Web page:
Sélecteur de langues
Brussels, 13 January 2005
The European Commission has decided to refer Portugal to the European Court of Justice because Portugal has not amended its legislation according to which capital gains from home sales attract tax relief only if the proceeds are reinvested in a Portuguese home. The Commission considers that the disallowance of tax relief where the proceeds are used to acquire homes in other Member States is contrary to EC Treaty rules, including those on the free movement of persons. Portugal has not responded satisfactorily to the Commission's formal request of July 2004 to change its law (see IP/04/938).
Articles 10, 44, 45 and 46 of the Portuguese Income Tax Act (CIRS) contain rules on the taxation of capital gains. Capital gains resulting from the disposal of immovable property intended for use by the taxpayer or his family as a permanent abode are exempted from income tax under, amongst others, the condition that the realisation value is reinvested in other immovable property which is used solely for the same purpose and is located on the Portuguese territory.
The application of the latter condition means that persons who sell their Portuguese home and buy a home in another Member State in order to live there do not benefit from the tax relief provided for reinvestment in a Portuguese home. This affects foreign nationals who have lived temporarily in Portugal as well as Portuguese nationals who move abroad and thus migrant workers in particular but also any other person wishing to make use of his right to free movement within the EU.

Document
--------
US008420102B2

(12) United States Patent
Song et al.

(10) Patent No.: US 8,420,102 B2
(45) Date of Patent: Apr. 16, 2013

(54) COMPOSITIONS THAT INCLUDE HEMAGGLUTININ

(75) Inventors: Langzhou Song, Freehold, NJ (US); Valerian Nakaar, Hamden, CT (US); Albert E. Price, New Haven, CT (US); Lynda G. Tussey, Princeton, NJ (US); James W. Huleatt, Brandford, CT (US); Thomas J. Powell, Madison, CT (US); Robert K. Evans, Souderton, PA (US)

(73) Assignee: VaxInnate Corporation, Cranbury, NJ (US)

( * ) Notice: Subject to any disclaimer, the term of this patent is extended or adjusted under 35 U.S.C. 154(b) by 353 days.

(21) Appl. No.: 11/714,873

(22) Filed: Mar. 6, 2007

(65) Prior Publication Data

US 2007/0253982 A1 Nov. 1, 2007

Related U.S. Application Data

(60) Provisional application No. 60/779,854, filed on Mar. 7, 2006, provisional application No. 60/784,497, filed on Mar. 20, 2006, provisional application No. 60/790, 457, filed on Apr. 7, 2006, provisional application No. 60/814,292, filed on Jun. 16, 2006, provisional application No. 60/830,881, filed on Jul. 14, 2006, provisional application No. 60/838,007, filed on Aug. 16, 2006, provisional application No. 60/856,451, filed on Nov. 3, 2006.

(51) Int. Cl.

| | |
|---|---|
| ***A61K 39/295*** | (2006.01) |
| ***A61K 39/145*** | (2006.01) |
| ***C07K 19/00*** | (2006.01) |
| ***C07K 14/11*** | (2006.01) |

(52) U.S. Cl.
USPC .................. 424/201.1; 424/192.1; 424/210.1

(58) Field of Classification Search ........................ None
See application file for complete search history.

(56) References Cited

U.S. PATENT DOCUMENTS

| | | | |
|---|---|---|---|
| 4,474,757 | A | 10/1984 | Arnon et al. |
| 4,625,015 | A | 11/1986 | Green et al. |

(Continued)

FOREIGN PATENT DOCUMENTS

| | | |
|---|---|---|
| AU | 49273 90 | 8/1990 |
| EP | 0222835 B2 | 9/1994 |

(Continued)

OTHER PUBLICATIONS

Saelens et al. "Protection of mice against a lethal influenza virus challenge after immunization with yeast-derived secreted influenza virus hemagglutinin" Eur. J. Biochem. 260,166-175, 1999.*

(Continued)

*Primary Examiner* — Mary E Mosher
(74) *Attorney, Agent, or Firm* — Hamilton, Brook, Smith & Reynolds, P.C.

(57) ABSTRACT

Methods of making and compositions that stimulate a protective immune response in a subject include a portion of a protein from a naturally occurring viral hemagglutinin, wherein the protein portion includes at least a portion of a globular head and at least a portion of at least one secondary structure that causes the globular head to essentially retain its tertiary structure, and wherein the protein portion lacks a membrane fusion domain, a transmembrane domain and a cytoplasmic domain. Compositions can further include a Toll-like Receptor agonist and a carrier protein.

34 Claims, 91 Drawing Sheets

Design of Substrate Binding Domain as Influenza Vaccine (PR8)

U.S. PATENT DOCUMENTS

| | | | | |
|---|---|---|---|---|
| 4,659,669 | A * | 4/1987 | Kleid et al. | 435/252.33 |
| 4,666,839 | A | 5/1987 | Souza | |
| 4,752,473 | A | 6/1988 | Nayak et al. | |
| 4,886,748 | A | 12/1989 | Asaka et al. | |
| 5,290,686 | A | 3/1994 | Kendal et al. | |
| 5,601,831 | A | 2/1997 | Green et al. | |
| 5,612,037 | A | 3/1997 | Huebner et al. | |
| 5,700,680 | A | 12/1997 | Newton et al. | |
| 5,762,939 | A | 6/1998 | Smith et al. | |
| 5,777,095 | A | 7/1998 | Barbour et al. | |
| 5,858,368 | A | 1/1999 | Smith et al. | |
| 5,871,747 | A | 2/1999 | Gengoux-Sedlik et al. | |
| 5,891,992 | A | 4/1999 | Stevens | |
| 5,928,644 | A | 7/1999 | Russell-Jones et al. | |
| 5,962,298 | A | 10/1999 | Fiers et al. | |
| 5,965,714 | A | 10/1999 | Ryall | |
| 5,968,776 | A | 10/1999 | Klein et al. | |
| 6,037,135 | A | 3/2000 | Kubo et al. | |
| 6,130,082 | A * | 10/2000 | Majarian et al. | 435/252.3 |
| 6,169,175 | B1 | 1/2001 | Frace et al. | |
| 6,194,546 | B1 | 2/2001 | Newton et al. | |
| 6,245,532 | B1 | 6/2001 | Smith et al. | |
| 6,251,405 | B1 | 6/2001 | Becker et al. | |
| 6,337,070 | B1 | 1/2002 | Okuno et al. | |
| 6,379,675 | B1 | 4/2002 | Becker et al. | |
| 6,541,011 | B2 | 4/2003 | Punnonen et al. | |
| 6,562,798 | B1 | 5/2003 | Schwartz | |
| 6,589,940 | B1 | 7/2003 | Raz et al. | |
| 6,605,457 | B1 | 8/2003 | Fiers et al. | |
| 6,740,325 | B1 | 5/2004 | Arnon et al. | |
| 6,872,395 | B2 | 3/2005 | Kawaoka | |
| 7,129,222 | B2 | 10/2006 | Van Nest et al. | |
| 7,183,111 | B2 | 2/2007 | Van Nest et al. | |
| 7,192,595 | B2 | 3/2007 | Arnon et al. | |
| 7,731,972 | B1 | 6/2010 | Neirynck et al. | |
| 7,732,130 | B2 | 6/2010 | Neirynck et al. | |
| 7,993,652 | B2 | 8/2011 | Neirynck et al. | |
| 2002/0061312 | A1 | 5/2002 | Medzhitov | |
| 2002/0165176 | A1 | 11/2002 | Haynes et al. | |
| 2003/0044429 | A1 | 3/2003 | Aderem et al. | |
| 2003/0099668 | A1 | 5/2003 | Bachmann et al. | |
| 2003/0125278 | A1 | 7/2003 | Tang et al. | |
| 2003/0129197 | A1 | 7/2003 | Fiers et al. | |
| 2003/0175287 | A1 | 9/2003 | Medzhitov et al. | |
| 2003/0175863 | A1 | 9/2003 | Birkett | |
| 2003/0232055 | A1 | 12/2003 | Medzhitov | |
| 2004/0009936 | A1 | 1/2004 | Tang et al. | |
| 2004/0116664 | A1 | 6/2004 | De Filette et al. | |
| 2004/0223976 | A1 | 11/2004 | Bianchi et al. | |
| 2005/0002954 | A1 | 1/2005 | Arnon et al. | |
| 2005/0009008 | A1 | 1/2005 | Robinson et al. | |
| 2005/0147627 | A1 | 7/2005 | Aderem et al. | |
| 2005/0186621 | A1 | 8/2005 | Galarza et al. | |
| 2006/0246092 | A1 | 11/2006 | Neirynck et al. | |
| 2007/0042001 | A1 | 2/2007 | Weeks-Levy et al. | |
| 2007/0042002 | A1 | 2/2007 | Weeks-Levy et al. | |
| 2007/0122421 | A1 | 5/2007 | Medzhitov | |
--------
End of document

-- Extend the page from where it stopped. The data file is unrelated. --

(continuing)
The Portuguese authorities consider that the restriction is justified, arguing that the tax exemption should only apply where the house purchased will be a permanent abode in Portugal for the purchaser. Furthermore, they maintain that, while the Portuguese State has a constitutional obligation to assist the purchase and maintenance of homes, this should not extend to homes outside of Portugal.
However, the Commission considers that these arguments are not a valid justification for the territorial limitation of the tax relief and the inherent violation of the EC Treaty rules on the right of residence in other Member States, free movement of workers, freedom of establishment and free movement of capital (Articles 18, 39, 43 and 56), as well as the corresponding provisions of the European Economic Area (EEA) Agreement.
The latest information on infringement proceedings against the Member States is available on the following site: